Abbott said “the allure” of the Islamic State of Iraq and Syria (ISIS) must be addressed. “Part of that is defeating it – because as long as it survives, there is this idea that somehow it is of God, and if it fails, almost by definition, it is not.”

Abbott was also asked his views on Trump, and replied cautiously, saying it was not his habit to speak about other country’s politics.  But he did observe that looking at the U.S. from a distance, “there appears to be a degree of popular alienation from Washington in general and the leadership of both major parties in particular.”

“Now I would very much be inclined to think that at some stage in the Republican nominating process the frontrunner will come back to the pack – that would be my instinct,” Abbott said.

“Because certainly the sorts of things that he [Trump] said would suggest that he would be an interesting person to be the leader of the free world.”

Australian Islamic leaders rejected the notion that Islam needs to be reformed.  “Islam is not in any need of reformation since the normative principles and practices of the religion allow Muslims to harmoniously coexist within pluralist societies that are based on the universal values of compassion and justice,” said Australia’s grand mufti, Ibrahim Abu Mohammad.

The Egyptian-born Sunni cleric has himself stoked controversy on occasion, most recently with a statement following last month’s terror attacks in Paris highlighting the need to address what he called “causative factors [of terrorism] such as racism, Islamophobia, curtailing freedoms through securitization, duplicitous foreign policies and military intervention.”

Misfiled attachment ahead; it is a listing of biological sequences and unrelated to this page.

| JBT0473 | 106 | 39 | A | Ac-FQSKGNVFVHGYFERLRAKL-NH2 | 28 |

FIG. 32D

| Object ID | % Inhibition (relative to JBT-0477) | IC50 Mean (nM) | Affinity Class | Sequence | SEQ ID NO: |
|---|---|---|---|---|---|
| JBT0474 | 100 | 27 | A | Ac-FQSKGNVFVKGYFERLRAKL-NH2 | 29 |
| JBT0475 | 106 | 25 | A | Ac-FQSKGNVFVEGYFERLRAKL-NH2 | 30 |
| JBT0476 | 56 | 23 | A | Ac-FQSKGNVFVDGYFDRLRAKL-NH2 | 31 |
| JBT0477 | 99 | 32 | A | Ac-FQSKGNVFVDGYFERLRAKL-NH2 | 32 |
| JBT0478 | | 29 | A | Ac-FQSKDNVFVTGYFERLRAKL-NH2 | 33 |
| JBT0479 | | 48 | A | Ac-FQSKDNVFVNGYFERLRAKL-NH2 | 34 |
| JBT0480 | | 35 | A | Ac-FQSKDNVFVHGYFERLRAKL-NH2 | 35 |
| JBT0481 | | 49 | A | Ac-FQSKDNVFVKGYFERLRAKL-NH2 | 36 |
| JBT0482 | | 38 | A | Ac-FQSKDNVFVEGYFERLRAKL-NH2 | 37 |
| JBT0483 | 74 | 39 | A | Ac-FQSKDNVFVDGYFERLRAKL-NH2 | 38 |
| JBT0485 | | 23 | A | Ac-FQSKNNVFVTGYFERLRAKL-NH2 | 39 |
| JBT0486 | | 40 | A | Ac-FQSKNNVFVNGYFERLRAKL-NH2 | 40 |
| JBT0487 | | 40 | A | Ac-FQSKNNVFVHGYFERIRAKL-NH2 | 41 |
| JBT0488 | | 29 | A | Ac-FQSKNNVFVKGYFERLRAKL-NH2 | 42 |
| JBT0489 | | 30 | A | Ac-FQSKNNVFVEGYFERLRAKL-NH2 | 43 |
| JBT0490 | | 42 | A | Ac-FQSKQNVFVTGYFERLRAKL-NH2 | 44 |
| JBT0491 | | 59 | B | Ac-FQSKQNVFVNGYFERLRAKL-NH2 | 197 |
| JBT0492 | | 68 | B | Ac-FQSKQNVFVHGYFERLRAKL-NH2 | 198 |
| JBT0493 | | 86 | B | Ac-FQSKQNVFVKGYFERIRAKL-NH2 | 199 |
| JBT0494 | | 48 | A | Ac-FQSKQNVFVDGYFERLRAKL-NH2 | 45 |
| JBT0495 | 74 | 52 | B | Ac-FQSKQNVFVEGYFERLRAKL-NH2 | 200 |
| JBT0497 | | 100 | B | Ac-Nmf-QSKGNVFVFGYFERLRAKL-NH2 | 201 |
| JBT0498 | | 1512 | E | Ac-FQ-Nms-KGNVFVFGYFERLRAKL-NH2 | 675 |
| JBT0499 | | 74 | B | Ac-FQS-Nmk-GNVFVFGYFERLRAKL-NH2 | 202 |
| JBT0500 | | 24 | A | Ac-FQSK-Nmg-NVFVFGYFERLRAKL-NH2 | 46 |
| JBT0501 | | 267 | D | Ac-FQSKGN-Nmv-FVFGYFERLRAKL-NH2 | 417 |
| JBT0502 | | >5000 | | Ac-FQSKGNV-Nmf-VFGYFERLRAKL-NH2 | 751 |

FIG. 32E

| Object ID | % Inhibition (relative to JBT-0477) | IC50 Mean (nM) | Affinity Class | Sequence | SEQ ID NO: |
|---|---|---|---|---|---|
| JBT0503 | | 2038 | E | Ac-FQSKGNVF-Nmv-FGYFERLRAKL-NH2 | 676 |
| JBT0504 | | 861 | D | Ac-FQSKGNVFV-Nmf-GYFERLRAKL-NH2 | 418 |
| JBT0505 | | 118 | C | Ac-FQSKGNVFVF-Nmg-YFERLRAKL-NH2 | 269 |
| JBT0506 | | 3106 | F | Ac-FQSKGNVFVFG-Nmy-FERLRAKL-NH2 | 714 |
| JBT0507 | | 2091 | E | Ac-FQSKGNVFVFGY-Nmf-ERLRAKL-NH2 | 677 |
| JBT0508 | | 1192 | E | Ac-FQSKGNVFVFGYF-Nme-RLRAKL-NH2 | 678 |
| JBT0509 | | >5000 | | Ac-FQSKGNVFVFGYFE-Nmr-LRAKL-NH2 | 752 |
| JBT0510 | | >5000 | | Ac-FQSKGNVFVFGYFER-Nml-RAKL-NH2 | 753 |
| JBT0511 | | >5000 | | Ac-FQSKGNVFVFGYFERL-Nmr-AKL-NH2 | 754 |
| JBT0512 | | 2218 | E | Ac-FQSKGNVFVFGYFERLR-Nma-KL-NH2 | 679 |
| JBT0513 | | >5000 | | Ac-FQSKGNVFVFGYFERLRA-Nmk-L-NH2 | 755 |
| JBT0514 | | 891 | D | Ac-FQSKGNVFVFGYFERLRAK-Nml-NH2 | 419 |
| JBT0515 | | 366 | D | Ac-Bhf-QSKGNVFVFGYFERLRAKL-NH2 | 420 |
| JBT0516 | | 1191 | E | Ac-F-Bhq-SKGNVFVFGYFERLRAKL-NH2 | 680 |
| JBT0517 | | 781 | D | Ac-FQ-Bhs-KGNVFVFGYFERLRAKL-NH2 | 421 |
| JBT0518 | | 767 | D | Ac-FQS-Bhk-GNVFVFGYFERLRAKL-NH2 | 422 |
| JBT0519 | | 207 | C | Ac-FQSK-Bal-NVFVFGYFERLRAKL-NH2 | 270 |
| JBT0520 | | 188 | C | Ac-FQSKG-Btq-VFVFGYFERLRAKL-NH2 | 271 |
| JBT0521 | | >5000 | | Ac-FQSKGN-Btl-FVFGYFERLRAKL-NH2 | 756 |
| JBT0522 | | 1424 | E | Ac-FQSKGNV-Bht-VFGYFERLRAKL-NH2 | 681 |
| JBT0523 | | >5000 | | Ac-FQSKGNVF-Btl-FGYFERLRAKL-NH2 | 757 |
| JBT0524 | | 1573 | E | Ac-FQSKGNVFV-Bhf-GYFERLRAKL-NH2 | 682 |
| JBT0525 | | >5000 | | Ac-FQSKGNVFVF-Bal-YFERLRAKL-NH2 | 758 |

(Amid negative reaction, the mufti then said he was not implying that the “causative factors” justify terrorism.)

The ambassador of Indonesia, Australia’s near neighbor and the world’s most populous Islamic nation, called Abbott’s remarks unhelpful.  “A rhetoric boasting of cultural and religious superiority over other cultures and religions is unhelpful to the cause and divisive,” Nadjib Riphat Kesoema told the Australian Associated Press.

“It is important for us including the multicultural societies of Australia and Indonesia to keep our focus on efforts to creating a long-term solution to the common challenges of violent extremism that we face.”

Abbott’s successor, Prime Minister Malcolm Turnbull told Australia’s national broadcaster that Abbott was “entitled to his opinion.”

“I’d simply make the observation again that the one thing that we need to be very careful not to do – and I’m sure Tony agrees with this by the way – what we must not do is play into the hands of our enemies and seek to tag all Muslims with responsibility for the crimes of a few,” he said.



Political correctness is most pervasive in universities and colleges but I rarely report the  incidents concerned here as I have a separate blog for educational matters.

American "liberals" often deny being Leftists and say that they are very different from the Communist rulers of  other countries.  The only real difference, however, is how much power they have.  In America, their power is limited by democracy.  To see what they WOULD be like with more power, look at where they ARE already  very powerful: in America's educational system -- particularly in the universities and colleges.  They show there the same respect for free-speech and political diversity that Stalin did:  None.  So look to the colleges to see  what the whole country would be like if "liberals" had their way.  It would be a dictatorship.

For more postings from me, see TONGUE-TIED, GREENIE WATCH,   EDUCATION WATCH INTERNATIONAL, FOOD & HEALTH SKEPTIC, AUSTRALIAN POLITICS and  DISSECTING LEFTISM.   My Home Pages are here or   here or   here.  Email me (John Ray) here